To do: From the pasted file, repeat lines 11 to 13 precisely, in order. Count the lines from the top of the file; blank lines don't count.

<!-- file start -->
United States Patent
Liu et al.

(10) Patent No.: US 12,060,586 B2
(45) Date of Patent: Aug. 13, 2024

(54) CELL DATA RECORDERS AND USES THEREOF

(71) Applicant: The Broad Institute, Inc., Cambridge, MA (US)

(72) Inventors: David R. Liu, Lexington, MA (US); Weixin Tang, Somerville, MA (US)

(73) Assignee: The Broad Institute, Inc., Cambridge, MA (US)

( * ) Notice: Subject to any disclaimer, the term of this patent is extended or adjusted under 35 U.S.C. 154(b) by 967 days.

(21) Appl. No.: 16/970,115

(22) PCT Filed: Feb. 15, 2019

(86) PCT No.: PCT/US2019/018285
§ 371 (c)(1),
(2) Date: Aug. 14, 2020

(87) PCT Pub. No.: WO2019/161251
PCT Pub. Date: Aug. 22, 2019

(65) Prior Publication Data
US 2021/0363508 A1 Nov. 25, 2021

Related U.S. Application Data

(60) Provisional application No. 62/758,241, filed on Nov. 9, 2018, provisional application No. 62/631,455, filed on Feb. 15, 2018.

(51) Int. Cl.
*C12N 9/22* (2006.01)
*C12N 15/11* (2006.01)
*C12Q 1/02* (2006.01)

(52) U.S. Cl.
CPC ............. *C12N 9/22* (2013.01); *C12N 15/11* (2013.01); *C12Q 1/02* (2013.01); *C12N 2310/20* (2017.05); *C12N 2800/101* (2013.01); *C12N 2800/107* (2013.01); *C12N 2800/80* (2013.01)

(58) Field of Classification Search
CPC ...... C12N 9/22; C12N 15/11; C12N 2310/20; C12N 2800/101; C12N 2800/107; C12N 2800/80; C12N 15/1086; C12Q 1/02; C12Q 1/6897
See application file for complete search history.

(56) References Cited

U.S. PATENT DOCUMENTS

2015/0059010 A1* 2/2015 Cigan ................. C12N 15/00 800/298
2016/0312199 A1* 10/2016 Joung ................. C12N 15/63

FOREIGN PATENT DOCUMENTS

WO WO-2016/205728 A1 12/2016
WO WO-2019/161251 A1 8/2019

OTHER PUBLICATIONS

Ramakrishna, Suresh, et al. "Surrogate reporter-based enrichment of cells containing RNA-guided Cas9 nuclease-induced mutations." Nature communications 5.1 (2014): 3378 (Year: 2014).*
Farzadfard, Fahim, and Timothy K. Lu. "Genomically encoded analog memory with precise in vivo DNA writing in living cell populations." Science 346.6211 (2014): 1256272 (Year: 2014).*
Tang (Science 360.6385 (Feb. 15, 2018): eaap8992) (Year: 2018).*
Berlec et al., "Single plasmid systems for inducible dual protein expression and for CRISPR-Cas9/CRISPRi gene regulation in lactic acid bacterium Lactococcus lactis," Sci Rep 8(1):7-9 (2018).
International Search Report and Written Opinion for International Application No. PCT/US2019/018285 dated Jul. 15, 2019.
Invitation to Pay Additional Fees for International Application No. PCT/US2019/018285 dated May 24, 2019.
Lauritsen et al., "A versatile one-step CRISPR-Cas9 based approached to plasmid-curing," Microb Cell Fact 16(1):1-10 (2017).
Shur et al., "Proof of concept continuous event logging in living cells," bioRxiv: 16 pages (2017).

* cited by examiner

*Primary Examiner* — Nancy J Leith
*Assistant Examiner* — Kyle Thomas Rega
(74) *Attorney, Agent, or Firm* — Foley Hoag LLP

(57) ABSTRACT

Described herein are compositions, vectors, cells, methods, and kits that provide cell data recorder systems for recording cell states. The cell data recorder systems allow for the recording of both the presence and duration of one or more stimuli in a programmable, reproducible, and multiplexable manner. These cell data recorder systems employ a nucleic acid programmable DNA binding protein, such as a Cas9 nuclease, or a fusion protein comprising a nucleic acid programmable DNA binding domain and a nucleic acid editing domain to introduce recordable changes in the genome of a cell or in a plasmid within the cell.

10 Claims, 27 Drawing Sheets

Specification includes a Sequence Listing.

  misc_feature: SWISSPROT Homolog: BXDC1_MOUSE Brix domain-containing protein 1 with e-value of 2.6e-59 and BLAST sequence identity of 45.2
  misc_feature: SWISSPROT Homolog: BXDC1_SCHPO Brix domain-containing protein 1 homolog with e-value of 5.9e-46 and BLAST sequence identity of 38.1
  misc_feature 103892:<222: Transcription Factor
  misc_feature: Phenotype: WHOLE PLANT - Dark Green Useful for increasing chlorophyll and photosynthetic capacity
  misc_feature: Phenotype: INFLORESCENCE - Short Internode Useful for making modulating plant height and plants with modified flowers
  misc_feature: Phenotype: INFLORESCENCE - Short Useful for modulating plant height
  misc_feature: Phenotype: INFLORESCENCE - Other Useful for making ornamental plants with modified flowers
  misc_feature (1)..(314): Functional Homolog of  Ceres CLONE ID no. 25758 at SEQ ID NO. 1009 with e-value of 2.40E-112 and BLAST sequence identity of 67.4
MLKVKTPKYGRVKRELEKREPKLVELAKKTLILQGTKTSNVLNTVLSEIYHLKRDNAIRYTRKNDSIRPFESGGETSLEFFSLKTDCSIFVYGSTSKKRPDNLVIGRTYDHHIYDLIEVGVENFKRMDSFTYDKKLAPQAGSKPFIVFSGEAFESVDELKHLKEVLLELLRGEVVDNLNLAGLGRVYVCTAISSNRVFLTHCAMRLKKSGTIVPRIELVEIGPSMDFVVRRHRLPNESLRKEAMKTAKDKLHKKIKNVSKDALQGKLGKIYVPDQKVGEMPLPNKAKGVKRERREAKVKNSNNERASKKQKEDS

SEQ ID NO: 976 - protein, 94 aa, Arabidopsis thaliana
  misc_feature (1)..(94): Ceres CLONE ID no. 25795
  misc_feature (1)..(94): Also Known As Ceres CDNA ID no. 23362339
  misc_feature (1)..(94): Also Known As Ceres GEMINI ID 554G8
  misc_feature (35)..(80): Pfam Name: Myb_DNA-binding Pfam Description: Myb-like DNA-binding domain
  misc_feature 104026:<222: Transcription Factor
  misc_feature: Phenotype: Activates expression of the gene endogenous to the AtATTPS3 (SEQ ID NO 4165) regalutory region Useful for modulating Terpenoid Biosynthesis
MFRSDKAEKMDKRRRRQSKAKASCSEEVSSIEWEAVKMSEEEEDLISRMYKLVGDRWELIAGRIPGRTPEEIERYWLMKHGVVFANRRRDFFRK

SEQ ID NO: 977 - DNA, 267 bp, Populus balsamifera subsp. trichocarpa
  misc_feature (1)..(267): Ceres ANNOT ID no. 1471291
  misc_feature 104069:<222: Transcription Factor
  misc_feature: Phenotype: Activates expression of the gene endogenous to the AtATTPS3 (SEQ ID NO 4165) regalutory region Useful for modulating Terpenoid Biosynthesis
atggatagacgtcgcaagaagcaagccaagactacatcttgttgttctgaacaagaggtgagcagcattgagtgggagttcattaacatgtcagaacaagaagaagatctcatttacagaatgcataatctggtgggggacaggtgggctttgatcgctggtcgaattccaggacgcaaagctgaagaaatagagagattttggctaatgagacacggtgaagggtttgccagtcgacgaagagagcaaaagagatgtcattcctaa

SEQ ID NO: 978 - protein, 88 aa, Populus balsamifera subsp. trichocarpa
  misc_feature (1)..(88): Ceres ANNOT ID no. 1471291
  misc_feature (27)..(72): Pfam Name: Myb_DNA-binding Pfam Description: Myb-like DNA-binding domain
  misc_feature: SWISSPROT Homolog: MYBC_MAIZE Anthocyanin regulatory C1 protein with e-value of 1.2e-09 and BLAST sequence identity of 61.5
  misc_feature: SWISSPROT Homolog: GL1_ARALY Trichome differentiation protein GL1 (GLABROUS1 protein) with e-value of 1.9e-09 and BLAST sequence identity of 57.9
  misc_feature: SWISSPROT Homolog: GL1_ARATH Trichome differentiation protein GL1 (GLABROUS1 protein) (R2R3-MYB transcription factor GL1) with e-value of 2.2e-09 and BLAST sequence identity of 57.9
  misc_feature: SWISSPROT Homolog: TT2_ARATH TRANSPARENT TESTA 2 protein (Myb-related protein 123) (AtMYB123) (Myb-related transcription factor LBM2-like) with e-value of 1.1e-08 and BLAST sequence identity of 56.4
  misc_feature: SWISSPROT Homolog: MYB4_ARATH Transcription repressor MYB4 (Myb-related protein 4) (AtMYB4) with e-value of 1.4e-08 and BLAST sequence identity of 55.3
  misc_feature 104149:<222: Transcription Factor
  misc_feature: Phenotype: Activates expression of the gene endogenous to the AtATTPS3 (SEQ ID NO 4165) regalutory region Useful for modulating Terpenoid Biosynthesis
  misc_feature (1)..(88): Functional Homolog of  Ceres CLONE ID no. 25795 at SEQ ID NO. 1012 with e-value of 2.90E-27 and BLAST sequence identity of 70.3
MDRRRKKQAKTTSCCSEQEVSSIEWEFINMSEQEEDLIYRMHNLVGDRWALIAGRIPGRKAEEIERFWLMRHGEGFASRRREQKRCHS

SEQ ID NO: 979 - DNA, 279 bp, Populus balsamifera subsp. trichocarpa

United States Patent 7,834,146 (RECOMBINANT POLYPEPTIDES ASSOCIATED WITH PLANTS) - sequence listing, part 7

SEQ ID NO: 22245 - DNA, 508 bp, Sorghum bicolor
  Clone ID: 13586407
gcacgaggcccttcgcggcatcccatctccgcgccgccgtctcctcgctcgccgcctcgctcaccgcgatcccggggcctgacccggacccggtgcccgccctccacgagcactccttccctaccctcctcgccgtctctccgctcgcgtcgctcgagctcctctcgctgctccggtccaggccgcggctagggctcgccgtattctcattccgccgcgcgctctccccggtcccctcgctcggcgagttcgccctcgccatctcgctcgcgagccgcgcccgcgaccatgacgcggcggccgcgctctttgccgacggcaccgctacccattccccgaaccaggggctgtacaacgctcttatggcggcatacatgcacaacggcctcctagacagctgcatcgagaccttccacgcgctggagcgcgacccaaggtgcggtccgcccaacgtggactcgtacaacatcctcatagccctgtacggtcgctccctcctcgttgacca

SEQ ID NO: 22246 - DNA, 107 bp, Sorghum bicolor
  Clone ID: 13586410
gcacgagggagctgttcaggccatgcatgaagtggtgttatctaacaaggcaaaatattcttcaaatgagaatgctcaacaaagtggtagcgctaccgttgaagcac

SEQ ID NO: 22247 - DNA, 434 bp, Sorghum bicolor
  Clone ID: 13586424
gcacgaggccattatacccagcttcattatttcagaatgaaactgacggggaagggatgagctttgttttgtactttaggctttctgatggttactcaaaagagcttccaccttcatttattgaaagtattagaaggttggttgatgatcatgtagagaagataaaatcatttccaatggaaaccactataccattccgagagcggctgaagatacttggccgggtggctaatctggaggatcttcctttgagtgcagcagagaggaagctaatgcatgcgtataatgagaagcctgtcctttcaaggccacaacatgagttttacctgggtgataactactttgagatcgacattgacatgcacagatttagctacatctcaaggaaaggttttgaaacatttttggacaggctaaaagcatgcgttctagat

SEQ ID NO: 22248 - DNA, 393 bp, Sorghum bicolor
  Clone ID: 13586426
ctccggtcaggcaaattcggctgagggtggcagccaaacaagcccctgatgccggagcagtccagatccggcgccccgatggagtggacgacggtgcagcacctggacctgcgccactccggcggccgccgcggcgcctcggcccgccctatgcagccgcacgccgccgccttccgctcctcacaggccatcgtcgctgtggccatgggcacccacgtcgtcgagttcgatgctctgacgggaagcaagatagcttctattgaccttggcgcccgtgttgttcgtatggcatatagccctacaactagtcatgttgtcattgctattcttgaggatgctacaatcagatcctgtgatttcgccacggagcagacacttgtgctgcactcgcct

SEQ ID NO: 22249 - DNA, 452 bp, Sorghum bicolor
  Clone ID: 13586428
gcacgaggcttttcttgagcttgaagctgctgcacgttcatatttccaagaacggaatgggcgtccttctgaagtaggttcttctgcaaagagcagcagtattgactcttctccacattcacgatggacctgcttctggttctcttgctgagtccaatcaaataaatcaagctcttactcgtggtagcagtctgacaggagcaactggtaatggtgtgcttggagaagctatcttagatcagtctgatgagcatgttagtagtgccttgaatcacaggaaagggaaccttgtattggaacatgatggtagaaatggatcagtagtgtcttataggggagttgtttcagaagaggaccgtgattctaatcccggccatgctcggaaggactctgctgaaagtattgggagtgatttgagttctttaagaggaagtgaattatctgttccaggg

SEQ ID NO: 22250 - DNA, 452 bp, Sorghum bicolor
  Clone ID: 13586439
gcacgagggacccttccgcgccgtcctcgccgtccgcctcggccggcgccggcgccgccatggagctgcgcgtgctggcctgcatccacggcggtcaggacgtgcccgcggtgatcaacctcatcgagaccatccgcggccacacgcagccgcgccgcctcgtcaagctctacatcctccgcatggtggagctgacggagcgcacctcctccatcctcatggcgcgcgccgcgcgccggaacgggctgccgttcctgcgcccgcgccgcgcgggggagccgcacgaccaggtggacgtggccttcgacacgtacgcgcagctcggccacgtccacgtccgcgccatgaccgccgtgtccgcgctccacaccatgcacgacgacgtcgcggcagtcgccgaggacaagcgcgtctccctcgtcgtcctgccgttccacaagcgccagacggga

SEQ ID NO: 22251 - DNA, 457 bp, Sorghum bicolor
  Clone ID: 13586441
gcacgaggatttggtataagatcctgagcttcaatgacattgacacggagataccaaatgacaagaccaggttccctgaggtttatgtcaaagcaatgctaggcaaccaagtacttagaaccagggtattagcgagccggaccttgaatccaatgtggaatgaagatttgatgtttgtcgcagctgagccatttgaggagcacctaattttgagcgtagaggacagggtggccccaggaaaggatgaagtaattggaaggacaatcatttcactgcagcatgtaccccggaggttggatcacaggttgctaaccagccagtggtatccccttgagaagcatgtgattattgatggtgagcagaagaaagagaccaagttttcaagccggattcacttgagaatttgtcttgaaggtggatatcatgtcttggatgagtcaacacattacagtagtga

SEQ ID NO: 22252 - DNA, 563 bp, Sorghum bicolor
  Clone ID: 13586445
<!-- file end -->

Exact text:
(22) PCT Filed: Feb. 15, 2019

(86) PCT No.: PCT/US2019/018285
§ 371 (c)(1),